The Best Money Advice When You Don't Have Any Money

Illustrated by Abbie Winters.
Getting advice about what to do with your money, when you don't actually have very much, might be fun — like playing a game of Monopoly. On the other hand, it could also feel soul-wrenching, like watching an episode of Black Mirror that hits too close to home.
But if you don't have a lot of money to spare and want to get on the right track, focus on covering all of your bases instead of investing in the next hot startup or buying property. Clear your immediate financial hurdles out of the way before aspirational investments (those can come much later), through earning more and managing what you do have better, and you'll be a lot better off.
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Everyone has regrets about something related to their finances, whether that's signing up for a credit card and going buck wild, or missing out on eons of matched retirement funds through work. One of the best ways to avoid pitfalls is to learn about ones other people have made — not for schadenfreude, but to increase your own knowledge. You could stay mum and pretend that you have it all under control, but if you open up about your concerns with the people closest to you, they might just do the same.

"When you don't have any money, you might feel as if you're excluded from the money conversation. This is a great way to develop a comfort level with talking about it so it's not such a taboo topic," says Manisha Thakor the director of wealth strategies for women at Buckingham Strategic Wealth and the BAM Alliance. "Reach out to three people who are at least 20 years older than you, and ask them to share their best and their worst money moves. It's cost-free and the lessons you'll learn are unbelievable."
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Recent grads who are working full-time for the first time may be thrilled to see steady paycheck deposits in their accounts. But where there's income, there are always expenses. Do your best to make sure that your spending and debt payments add up to what you make, right out of the gate.

"No matter the size of your salary, it’s important to assess your monthly spending and make paying at least the minimum amount(s) due on your debt obligations a top priority," says Chrissy Celaya, a certified financial planner at Betterment. "Not doing so can lead to penalties, extra interest, and higher finance charges, not to mention negatively impact your credit score."
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One way to make the best of the money you make is by capitalizing on some of the freebies that accompany it, such as enrolling in any employer-sponsored retirement or student-loan repayment plans.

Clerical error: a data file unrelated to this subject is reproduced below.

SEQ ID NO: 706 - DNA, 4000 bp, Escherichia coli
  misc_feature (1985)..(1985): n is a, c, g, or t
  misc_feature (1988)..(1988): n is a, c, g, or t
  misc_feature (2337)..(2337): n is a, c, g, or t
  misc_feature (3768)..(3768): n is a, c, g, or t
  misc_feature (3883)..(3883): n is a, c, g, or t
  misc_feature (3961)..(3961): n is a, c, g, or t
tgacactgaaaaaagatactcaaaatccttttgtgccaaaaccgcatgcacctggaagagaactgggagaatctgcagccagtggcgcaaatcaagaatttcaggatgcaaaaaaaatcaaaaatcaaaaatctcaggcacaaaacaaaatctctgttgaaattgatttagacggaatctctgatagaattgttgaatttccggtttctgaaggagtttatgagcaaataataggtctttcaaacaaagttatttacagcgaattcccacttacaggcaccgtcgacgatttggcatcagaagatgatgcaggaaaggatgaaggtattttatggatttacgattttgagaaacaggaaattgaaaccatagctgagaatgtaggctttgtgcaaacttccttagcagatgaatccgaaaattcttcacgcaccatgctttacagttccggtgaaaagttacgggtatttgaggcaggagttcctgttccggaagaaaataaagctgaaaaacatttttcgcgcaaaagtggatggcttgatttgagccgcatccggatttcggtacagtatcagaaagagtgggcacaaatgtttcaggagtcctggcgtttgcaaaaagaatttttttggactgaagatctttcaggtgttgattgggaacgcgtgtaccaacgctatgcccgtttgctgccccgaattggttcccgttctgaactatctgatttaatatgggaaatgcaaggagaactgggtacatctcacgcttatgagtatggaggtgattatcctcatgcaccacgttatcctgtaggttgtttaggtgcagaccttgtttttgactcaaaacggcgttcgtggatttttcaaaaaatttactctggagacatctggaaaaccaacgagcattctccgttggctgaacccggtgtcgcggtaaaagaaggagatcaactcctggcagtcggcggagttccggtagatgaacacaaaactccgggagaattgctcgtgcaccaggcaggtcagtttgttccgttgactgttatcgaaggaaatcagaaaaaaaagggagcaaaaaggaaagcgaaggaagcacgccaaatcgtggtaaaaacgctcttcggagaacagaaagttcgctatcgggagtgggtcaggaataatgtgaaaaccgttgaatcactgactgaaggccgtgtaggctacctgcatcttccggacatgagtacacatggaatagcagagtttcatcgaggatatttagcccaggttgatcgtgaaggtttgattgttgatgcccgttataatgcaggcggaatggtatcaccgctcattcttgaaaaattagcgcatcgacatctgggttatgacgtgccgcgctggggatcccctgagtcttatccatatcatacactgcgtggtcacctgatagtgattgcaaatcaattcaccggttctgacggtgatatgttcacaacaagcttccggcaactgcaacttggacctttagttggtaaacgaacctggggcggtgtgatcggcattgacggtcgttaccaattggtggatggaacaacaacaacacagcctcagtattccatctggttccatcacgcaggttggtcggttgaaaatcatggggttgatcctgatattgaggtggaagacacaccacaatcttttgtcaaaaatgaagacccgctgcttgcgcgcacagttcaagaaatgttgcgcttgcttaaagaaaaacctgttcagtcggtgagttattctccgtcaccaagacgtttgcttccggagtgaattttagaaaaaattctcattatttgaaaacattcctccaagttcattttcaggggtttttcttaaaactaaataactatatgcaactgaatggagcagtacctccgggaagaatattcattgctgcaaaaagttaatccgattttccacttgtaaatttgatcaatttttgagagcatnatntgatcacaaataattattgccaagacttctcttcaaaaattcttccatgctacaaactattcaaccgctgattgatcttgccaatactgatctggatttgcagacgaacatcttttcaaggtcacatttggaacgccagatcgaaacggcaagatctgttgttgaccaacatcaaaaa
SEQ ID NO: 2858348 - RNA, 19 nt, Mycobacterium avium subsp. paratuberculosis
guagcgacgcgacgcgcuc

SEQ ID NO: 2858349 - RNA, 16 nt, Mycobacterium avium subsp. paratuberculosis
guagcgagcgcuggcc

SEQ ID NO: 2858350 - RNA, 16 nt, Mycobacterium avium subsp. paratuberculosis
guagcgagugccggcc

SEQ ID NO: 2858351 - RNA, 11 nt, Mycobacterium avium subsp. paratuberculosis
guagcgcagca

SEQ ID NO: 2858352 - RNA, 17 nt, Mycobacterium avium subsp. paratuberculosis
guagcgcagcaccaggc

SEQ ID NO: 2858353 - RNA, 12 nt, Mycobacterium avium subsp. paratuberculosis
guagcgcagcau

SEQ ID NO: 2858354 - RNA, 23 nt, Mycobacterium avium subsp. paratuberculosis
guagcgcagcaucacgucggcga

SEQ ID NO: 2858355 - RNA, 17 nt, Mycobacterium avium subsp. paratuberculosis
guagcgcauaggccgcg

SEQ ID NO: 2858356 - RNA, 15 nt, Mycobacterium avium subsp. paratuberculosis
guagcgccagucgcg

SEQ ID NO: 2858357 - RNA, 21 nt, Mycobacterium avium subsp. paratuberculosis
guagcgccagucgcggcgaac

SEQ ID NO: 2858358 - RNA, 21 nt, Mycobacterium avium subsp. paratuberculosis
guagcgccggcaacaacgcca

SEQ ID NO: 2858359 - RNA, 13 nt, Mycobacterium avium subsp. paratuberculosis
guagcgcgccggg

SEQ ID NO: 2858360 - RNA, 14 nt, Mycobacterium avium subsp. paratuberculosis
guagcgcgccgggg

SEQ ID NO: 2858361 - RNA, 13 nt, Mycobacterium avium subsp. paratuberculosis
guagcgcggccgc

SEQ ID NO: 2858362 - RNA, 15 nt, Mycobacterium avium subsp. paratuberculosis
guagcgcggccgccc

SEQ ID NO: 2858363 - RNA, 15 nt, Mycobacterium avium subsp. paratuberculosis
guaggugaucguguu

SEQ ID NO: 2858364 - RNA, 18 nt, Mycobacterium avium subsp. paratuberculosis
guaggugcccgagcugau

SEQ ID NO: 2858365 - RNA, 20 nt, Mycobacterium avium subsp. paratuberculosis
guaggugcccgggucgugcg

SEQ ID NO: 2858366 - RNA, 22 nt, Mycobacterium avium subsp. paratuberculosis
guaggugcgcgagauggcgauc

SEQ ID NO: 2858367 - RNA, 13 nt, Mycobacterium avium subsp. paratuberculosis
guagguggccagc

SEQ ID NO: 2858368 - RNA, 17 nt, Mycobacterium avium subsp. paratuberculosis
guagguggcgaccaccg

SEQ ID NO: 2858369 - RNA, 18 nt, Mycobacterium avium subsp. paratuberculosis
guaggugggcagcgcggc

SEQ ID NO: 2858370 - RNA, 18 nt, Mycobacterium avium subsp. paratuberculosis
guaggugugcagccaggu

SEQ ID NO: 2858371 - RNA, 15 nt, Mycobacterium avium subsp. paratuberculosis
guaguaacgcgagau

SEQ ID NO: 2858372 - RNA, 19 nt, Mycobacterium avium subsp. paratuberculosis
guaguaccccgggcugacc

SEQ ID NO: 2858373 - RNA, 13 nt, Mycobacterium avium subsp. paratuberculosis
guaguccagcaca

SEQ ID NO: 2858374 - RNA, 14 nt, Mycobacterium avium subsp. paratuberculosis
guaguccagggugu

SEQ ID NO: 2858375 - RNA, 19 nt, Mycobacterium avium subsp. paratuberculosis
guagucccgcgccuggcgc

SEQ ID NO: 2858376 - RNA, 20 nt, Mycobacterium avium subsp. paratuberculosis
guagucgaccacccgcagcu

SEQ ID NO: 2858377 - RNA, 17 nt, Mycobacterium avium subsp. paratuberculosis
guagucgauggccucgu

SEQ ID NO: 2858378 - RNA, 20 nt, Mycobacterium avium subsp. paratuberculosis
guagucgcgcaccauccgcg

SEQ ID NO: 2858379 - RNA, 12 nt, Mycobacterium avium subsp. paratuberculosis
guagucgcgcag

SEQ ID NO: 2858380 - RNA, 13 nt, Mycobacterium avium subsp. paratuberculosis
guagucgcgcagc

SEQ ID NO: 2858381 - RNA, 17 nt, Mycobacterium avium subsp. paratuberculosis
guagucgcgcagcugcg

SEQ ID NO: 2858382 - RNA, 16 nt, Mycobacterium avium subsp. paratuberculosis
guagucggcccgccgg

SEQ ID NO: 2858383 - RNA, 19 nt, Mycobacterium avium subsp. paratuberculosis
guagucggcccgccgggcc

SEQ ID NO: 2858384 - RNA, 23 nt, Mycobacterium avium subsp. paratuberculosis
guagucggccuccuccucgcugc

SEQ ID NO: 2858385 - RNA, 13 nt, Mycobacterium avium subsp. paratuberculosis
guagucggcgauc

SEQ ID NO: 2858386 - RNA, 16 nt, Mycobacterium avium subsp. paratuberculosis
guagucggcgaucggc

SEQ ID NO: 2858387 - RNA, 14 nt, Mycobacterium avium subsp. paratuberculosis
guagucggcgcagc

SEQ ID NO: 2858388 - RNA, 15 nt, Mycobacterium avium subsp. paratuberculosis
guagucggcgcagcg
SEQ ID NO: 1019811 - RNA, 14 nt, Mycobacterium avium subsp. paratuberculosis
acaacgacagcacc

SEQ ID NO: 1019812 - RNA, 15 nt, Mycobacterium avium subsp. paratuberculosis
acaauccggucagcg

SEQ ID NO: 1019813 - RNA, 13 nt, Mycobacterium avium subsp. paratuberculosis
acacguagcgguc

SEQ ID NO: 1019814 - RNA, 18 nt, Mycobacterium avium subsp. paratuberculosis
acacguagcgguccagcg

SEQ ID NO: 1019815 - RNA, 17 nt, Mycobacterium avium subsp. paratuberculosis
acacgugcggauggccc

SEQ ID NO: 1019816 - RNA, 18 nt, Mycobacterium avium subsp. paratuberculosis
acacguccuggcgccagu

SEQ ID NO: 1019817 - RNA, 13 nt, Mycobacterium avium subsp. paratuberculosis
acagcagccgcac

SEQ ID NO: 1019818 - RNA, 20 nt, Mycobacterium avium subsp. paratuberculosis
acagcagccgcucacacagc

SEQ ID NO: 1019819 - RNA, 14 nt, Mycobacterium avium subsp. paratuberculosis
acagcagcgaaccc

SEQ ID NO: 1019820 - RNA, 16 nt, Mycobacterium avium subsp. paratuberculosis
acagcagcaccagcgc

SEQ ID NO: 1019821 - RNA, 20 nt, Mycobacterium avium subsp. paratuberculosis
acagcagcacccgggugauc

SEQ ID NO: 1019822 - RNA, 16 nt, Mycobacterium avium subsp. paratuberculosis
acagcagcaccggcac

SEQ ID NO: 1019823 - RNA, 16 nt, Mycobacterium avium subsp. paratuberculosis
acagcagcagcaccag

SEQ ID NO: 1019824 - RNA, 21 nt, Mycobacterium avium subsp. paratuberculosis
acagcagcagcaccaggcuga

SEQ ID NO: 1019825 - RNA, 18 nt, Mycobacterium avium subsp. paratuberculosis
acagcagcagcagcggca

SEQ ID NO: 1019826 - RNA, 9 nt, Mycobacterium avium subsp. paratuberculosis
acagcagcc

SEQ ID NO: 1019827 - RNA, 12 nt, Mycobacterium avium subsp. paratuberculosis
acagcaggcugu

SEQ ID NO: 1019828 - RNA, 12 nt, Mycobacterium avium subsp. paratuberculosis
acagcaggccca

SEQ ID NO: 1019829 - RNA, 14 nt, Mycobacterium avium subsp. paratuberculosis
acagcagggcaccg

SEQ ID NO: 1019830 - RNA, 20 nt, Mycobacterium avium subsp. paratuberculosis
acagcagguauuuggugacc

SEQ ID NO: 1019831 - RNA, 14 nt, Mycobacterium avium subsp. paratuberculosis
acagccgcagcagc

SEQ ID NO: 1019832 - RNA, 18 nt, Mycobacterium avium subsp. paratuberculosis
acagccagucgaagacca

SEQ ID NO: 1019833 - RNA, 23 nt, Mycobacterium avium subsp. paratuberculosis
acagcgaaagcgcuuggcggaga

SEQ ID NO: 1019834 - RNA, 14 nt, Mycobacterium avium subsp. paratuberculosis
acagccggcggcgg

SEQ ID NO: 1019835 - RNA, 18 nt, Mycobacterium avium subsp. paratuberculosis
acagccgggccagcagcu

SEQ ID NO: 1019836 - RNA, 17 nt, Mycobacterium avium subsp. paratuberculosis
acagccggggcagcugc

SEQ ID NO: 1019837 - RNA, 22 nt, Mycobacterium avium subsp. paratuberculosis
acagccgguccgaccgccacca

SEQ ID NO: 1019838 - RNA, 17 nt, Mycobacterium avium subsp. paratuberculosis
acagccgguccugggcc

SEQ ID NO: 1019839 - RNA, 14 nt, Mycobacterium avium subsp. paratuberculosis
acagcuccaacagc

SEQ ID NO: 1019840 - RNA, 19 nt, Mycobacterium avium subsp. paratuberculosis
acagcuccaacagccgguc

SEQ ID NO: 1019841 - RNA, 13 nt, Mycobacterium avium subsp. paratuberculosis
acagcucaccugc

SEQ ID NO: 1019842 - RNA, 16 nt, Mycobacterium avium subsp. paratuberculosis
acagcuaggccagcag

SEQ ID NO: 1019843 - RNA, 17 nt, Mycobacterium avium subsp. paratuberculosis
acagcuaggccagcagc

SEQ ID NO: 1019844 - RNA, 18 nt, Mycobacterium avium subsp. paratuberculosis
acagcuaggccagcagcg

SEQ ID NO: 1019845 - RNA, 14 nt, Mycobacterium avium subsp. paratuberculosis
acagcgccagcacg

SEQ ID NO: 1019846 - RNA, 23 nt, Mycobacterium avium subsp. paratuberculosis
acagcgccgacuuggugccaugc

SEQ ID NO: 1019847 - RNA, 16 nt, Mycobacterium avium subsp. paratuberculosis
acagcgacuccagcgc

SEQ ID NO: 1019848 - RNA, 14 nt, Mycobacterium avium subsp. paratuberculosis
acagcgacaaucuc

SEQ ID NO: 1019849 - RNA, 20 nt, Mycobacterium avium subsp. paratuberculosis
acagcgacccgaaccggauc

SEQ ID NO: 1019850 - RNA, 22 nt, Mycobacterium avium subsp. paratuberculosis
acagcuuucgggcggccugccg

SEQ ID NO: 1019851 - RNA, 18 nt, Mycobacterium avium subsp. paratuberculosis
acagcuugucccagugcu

"While it might be tempting to put off investing until you feel like you have a better handle on your budget, you could be missing out on free money your employer is willing to give to you," Celaya says. "Company-sponsored retirement plans often include a benefit in which your employer will match any contributions you make yourself, up to a specific limit. Think of it as a little raise you never had to ask for."

For example, say you earn $70,000 per year and your employer offers a dollar-for-dollar match of up to 3%, a pretty common scenario, according to Celaya. If you set up a 3% deferral from your paycheck (or $2,100/year), your employer will also contribute 3% — another $2,100 — on top of that.
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One you’ve paid off any high-cost debt (i.e. credit card debt), start building a safety net for financial emergencies.

"At Betterment, we recommend three-to-six months’ worth of living expenses, which includes monthly rent payments, utilities, and any other recurring monthly bills," Celaya says. "That can seem like a lot up front, but having that safety net in place means you won't have to rely on a high-interest credit card, for example, if an unexpected emergency expense arises."
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Even if you know all the right things to do with your money, you might not know how to prioritize those tasks. Do what’s best and most urgent for you at the moment, Thakor advises. She calls it the "financial cha-cha-cha," because your tasks may alternate like a series of dance steps.

"Make the minimum monthly payment on your credit card debt first because that protects your credit score. Second, if you have an employer match, contribute up until that point, because most employers match at either 50 cents on the dollar, or dollar per dollar for the first 2% to 4% of your salary, giving you a guaranteed 50% to 100% return on [each dollar]," she says. "Third, if you still have extra money left over after you make those minimum monthly credit card payments and contribute up to the point of your employer match, use it to pay off your credit card faster."